Crème de la Crème

A glimpse at Chateau Lafite's prestigious vineyards

I have toured countless wine estates at home and abroad, but nothing prepared me for the rarefied world of Bordeaux First Growth chateaux. Merely gaining access is a considerable feat.

At the prestigious Château Lafite Rothschild, they don’t “sell” wine, they allocate it. With only 2,000 cases produced every year, demand far outstrips supply. I spent several days in Bordeaux with Michel Negrier, export director of the company’s umbrella, Domaines Barons de Rothschild. While Château Lafite’s annual production could easily be snapped up by China, he explained, longstanding agreements still dictate where most of the allocations go. China will have to wait.

The chateau stands on a hill overlooking rose gardens, ponds and weeping willows. The subterranean wine “library” holds treasures going back to vintage 1797. I walked past bottles from the years of the French Revolution, the Napoleonic era and the Belle Époque. There before me was the legendary 1947, made at the close of WWII. I was awed that this liquid has lived for centuries and rests silently in this hidden room keeping its historic secrets—the last vestige of a bygone age.

That night I dined on a feast prepared by Baron Eric de Rothschild’s private chef on the upper terrace of the great lawn. We sipped Lafite Champagne while discussing the baron’s plans for expansion in Asia. That very week (it was mid-May), the Rothschilds had planted their first 60 acres in the Shandong region of northern China.

With the main course came a bottle of Chateau Lafite 1990. Negrier called it “exuberant” with a fresh nose. He said it was an uncharacter-
istic vintage since the classic style of Chateau Lafite is austere and elegant with aromas of leather, eucalyptus and tobacco emerging in older vintages.

I visited three more Rothschild-owned Bordeaux estates (whose wines are all pre-sold to négociants during Bordeaux en primeur). The most prestigious vineyards are all about location. And the Lafite estates couldn’t possibly have more impressive neighbors. Their Sauternes, Chateau Rieussec (one of the eleven First Growths from the 1855 Classification), looks out onto Chateau d’Yquem. Its Pomerol estate, Chateau L’Evangile, borders Petrus on one side and Chateau Cheval Blanc on the other—a breathtaking trio. Chateau Duhart-Milon, a Pauillac fourth growth, is near Chateau Lafite and its next-door neighbor, Chateau Mouton Rothschild.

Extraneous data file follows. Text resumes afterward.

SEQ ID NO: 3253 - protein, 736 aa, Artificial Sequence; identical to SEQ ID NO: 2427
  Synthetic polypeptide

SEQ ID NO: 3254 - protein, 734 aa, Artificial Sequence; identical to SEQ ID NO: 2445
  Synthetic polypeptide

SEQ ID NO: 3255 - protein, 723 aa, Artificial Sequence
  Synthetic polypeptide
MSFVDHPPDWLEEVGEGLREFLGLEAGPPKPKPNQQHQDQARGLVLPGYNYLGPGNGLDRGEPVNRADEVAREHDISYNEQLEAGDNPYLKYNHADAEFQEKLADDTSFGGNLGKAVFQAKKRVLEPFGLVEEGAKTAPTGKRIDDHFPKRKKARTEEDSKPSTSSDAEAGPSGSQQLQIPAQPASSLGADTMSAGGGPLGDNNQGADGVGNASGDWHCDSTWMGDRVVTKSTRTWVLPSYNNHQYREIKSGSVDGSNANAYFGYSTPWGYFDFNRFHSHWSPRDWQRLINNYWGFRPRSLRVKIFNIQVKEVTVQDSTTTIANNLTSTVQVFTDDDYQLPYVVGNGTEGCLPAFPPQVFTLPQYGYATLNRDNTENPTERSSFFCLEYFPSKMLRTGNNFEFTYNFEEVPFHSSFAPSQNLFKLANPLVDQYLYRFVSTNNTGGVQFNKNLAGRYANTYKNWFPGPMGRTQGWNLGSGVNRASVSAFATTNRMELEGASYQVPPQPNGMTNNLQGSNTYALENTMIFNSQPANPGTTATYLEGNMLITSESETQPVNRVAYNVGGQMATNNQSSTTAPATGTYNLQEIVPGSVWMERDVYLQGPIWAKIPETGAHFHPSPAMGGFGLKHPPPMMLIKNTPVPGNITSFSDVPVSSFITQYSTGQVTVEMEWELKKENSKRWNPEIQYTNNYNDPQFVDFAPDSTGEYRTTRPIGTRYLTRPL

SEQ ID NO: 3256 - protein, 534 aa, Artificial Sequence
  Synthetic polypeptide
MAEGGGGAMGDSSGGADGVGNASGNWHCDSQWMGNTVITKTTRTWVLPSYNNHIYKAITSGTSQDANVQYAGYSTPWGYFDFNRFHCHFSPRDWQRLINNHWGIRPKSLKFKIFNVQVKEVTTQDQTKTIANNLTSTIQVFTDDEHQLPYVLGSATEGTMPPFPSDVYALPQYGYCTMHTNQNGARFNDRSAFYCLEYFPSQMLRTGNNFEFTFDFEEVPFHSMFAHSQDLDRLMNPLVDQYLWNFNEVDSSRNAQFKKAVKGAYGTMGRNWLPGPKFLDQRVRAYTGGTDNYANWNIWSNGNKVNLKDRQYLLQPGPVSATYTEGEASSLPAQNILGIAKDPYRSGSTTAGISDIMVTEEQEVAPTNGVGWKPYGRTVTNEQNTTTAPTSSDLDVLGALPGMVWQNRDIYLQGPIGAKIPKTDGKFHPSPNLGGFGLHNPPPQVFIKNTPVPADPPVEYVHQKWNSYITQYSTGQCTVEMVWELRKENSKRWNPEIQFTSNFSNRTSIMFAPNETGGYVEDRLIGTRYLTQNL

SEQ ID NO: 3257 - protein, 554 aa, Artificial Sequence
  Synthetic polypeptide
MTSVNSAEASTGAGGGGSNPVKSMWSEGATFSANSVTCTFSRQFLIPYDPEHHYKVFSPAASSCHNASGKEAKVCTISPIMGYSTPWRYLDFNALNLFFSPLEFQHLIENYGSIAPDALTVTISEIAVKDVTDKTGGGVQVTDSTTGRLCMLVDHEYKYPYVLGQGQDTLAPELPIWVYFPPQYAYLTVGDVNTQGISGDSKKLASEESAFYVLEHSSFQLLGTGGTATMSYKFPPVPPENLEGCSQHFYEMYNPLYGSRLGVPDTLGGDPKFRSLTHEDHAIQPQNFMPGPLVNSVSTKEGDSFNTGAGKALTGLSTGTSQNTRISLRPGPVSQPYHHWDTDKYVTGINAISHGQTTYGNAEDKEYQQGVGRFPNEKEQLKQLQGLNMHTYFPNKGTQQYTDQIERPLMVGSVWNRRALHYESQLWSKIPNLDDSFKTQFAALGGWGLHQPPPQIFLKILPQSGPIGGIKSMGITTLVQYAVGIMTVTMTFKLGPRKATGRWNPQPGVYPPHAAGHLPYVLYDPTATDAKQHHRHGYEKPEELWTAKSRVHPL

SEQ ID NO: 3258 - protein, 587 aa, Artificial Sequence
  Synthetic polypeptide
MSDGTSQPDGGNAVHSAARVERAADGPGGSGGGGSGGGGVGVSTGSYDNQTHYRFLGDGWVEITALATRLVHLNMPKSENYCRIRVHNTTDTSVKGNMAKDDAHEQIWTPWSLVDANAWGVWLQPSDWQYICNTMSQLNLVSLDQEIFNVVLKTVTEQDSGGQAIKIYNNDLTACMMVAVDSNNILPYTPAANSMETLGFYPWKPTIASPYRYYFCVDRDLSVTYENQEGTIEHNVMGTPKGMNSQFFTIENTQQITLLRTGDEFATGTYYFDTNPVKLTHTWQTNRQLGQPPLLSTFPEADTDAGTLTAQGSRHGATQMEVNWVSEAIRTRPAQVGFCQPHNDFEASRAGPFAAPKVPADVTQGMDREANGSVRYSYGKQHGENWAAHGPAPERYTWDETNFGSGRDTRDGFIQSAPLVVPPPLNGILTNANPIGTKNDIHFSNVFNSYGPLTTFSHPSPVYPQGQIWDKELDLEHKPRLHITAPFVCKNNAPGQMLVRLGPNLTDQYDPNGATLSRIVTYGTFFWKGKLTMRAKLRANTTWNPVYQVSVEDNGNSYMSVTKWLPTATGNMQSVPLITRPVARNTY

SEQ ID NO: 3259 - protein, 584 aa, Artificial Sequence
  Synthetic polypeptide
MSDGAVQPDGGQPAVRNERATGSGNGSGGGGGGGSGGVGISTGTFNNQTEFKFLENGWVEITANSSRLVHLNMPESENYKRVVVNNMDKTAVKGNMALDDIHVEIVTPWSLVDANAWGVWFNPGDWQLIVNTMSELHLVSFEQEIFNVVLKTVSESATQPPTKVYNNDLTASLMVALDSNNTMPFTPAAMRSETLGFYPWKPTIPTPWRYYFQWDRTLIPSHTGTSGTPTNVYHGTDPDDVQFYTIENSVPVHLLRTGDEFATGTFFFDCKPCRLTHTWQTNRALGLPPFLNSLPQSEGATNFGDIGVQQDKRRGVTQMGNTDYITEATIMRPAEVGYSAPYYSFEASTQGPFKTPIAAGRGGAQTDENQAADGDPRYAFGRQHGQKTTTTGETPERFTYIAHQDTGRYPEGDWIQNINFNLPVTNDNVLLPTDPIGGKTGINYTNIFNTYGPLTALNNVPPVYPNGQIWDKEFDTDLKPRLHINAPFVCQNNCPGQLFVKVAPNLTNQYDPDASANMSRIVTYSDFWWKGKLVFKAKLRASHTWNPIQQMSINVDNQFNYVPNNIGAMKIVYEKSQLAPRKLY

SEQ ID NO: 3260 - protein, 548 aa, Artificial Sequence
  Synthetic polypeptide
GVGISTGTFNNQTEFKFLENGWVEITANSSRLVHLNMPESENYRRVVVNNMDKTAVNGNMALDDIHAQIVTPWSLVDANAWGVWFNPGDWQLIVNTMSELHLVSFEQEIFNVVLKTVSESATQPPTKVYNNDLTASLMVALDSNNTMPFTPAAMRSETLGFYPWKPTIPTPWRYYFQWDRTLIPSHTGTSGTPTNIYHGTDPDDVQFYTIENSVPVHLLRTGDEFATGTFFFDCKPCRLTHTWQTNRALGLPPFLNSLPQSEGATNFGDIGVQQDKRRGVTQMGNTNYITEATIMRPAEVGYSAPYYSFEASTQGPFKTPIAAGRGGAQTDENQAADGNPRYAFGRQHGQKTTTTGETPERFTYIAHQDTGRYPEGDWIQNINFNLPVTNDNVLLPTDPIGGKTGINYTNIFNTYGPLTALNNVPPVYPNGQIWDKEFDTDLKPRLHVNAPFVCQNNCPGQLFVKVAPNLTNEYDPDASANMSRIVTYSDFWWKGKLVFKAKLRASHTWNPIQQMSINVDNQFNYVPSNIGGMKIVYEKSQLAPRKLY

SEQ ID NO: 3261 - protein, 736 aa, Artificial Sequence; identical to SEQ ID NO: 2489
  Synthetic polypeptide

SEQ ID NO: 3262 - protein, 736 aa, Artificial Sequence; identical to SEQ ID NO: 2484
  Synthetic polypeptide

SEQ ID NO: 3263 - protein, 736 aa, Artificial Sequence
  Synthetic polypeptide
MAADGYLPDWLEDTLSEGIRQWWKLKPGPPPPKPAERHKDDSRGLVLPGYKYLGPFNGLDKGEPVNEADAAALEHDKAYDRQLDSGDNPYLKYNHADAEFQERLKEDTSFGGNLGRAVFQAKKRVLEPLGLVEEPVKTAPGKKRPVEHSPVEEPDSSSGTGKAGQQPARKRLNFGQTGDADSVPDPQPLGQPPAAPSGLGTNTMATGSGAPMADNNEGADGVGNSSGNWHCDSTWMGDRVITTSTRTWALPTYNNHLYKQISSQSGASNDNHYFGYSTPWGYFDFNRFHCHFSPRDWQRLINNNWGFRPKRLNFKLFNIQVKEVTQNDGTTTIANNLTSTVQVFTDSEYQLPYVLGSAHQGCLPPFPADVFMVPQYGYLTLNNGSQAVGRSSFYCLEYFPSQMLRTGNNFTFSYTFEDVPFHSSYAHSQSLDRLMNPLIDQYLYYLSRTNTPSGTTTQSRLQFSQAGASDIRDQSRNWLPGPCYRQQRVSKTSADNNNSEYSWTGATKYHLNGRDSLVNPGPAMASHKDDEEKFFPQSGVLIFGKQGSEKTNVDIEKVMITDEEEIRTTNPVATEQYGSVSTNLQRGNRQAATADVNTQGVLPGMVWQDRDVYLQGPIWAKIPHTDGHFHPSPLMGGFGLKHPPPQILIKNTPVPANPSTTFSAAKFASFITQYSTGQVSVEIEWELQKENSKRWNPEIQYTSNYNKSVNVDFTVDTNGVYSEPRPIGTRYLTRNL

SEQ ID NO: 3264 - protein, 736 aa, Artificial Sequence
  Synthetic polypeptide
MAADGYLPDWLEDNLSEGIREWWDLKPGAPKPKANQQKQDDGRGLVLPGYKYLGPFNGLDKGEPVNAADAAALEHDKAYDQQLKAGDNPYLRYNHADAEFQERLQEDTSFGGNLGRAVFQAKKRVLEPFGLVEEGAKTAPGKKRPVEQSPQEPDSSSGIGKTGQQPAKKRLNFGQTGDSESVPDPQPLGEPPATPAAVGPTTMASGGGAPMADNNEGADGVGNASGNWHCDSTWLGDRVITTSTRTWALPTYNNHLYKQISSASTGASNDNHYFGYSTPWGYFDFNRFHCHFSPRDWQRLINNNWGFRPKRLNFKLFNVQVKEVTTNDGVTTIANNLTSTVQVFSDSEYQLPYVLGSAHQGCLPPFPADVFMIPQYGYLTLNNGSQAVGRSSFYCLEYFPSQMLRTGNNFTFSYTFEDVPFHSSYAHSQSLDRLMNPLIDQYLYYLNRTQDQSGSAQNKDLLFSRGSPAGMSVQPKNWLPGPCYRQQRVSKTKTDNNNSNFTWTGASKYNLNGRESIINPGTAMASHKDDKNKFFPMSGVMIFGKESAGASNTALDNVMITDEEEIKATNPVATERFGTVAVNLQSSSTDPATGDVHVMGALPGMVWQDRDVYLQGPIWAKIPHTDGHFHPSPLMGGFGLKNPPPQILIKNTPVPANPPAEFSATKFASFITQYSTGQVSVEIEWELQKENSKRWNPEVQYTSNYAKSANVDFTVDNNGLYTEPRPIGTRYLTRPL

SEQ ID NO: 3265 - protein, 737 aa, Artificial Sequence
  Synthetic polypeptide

As I toured the estates, Lafite’s general manager, Charles Chevalier, shared insider tips on what makes these wines great. Their power comes from the Medoc’s alluvial subsoil—fossilized fish bones and seashells. The vines struggle through the sandstone layer, driving 20 feet down. Their fight makes for superlative wines, and so do the oak barrels they’re aged in, toasted to order in Lafite’s own in-house cooperage.

Inside Chateau L’Évangile’s circular cellar, fresh egg whites are stirred into each barrel by hand. This process helps “clean” the wine, turning it translucent. For Lafite’s own production, Baron Eric sends his chauffeur to an organic farm to fetch the 7,000 eggs used in each vintage—six eggs per barrel (the leftover yolks are used by local bakeries to make Bordeaux's famed cannelés).

My trip ended with a tour of their Languedoc property, Chateau d’Aussières, on 1,360 hilly acres dotted with wildflowers and cyprus. Winemaker Eric Kohler, who also runs Lafite’s China project, hopes to make Languedoc’s equivalent of a prestigious First Growth—and to do the same with his wine made in China. Perhaps in the not too distant future, China will get its Lafite allocation, albeit from its own Shandong vineyards.